On KRASINSKI square there was a kind of an amusement park with merry-go-rounds and loud music... all just few yards from the ghetto walls… and the carousels were turning and lively organ was playing... The salvos behind the ghetto walls where drowned in lively tunes and vapors rose into the tranquil sky.

The indifference of the bystanders is described by CZESLAW MILOSZ in his famous poem "CAMPO DEI FIORI" about Giordano Bruno (1548-1600) Italian philosopher who was burned on the stake for heresy while people were dancing on the square…

A day in life in the Warsaw Ghetto

... Hunger, typhus and terror dominated our existence.

Smuggling ran from highly organized, to a primitive form, where children were sole providers of their families. They smuggled through cracks in the wall, begged, stole and bartered on the Aryan side. The children became the Ghetto's lifeline risking their young live day in, and day out. They were our precious "GHETTO RATS".

We tried to outwit the enemy. Survival was a daily challenge, a struggle for food, shelter, warmth, and sanitation.

I joined an underground educational network in the ghetto. Schools were illegal, but the drive to educate was stronger than fear, so we had clandestine schools.

The lectures took place in private apartments and, for safety, in small groups. We had illegal synagogues, illegal classes, illegal publications etc.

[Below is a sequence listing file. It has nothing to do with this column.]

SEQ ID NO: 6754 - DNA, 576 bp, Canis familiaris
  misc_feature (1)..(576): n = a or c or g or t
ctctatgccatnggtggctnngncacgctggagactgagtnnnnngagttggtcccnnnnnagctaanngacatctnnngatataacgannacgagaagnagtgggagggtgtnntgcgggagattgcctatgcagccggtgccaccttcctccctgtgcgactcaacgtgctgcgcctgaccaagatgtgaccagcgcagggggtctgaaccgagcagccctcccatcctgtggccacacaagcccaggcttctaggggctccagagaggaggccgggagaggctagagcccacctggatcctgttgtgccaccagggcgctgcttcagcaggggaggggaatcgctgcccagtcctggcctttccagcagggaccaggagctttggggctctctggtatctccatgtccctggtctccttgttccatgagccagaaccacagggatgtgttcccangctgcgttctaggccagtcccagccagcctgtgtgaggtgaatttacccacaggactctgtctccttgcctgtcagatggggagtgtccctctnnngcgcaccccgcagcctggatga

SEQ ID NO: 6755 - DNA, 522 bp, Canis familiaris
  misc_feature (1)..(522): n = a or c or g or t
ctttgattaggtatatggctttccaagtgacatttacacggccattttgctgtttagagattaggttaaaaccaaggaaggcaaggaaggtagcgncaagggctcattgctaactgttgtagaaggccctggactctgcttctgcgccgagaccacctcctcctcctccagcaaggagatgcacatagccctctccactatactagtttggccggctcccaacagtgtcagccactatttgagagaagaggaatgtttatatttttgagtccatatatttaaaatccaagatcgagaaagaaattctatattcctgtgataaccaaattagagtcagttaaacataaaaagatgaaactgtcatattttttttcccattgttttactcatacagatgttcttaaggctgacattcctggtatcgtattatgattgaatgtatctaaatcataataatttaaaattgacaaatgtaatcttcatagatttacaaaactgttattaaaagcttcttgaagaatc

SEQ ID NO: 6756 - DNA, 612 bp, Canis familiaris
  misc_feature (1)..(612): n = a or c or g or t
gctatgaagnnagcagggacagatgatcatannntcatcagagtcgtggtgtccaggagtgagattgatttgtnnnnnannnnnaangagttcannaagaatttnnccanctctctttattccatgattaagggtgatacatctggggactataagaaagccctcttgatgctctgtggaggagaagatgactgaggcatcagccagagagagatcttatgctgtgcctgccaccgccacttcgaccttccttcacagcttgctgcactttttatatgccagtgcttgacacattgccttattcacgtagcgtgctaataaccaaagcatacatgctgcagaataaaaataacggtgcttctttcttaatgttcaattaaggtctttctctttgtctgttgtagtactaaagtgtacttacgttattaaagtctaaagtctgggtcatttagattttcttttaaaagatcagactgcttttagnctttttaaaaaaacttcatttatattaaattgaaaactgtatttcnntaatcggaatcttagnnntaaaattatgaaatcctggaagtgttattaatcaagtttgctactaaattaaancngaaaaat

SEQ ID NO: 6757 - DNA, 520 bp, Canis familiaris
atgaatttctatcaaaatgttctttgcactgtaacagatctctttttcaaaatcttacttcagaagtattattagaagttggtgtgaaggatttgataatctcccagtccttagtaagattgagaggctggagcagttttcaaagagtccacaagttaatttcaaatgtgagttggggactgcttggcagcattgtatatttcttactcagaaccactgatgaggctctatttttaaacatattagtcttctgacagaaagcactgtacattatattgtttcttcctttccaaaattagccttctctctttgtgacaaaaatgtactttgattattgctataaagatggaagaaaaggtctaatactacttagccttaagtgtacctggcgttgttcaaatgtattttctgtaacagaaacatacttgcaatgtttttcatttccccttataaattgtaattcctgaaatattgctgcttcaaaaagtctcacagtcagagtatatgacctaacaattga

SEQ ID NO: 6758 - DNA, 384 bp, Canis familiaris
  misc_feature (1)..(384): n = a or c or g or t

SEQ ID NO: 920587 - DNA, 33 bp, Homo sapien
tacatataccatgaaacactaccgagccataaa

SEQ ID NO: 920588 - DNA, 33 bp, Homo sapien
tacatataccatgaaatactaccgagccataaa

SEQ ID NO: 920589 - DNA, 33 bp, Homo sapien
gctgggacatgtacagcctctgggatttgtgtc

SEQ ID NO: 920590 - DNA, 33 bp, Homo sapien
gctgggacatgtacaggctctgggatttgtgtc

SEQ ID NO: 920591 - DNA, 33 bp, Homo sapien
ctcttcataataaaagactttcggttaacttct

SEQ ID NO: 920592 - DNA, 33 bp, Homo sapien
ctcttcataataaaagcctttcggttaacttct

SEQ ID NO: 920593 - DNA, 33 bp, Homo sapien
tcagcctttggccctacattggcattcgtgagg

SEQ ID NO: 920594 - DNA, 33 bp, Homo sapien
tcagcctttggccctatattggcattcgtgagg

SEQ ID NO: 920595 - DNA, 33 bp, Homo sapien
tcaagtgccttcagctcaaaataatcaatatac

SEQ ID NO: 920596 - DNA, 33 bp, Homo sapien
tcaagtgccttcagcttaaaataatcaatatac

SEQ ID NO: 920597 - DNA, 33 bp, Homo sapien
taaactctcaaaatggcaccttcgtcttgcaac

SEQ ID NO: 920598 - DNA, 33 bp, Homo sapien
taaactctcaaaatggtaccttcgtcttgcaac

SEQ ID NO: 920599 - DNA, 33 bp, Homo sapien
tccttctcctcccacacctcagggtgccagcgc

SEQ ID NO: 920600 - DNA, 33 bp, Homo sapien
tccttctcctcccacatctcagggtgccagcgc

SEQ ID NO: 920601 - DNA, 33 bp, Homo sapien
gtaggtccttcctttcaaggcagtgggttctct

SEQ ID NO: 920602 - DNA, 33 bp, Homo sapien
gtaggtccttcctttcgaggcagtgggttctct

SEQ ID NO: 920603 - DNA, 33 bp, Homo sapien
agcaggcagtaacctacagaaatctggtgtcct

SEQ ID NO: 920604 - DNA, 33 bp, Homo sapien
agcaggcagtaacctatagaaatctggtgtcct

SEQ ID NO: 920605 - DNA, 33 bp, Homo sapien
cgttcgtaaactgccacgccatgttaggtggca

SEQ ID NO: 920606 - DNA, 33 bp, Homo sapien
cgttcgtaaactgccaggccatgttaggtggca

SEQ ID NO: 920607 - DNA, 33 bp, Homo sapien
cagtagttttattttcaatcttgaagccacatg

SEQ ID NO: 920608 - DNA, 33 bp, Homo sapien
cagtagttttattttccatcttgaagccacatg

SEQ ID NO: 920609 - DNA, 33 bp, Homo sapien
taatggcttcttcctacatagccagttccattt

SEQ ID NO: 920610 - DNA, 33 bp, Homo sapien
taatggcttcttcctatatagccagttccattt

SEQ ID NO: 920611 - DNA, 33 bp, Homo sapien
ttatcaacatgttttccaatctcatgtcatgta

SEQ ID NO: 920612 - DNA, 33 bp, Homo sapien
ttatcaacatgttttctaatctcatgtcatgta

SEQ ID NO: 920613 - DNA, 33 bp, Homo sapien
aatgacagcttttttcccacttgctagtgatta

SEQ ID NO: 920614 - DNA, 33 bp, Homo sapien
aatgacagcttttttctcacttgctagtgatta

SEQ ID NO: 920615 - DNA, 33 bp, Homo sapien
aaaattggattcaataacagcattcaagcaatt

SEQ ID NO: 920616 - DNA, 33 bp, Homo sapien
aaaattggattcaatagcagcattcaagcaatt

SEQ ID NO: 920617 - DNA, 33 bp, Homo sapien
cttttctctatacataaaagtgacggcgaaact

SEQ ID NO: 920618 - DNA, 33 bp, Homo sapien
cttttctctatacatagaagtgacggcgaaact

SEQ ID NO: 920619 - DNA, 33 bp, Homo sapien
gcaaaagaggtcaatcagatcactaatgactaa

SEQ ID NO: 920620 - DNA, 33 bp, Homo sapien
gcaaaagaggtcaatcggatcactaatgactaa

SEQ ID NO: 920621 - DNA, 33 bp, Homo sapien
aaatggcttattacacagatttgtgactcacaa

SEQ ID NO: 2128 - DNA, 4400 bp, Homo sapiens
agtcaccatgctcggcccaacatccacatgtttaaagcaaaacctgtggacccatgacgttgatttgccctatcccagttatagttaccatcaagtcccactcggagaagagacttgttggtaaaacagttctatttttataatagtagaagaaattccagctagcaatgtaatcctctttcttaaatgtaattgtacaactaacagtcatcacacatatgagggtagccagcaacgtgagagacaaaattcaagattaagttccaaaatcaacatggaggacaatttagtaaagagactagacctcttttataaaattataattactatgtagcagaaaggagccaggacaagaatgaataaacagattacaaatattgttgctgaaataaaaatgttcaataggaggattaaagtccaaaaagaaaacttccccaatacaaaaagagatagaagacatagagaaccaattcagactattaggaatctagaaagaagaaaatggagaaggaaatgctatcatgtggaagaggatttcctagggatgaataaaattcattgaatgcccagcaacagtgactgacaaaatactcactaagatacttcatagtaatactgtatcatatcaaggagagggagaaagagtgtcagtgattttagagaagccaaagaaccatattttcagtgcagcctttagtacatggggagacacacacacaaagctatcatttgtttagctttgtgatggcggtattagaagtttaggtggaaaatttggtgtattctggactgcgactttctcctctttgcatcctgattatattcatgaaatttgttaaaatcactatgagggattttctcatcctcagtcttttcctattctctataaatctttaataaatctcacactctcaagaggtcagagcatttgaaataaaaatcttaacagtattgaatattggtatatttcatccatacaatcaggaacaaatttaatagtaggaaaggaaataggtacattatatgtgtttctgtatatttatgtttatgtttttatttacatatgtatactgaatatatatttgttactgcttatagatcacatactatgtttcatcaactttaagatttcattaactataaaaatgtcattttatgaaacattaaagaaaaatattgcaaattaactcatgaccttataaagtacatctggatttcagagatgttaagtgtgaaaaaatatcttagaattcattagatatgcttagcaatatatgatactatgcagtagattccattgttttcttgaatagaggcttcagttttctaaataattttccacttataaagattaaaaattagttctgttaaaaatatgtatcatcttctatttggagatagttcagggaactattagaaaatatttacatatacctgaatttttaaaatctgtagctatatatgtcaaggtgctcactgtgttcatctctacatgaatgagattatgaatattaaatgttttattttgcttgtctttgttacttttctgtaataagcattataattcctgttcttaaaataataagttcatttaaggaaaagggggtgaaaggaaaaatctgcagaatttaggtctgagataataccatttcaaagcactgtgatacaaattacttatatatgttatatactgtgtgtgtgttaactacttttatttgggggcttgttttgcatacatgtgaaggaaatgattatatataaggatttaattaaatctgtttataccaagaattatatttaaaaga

The network of informal classes was usually disguised as workshops. In my workshop I was taught how to mend socks and stockings.

There were no books in case the Germans came breaking in...

The textbooks for the secret school classes had to be duplicated by typewriter.

There was even a program of courses in medicine...

To remain a human being in the ghetto one to had to live in a state of constant defiance.

I am still angry when I hear the expression "like sheep to slaughter".

Jewish resistance took different forms and shapes and the defiance expressed itself in varied ways.

A whole underground life developed in the Ghetto, in spite of countless orders forbidding everything under the penalty of death.

In the Ghetto, children wanted to learn. My education never stopped. I was tutored in history, geography, Latin, mathematics and literature by former teachers.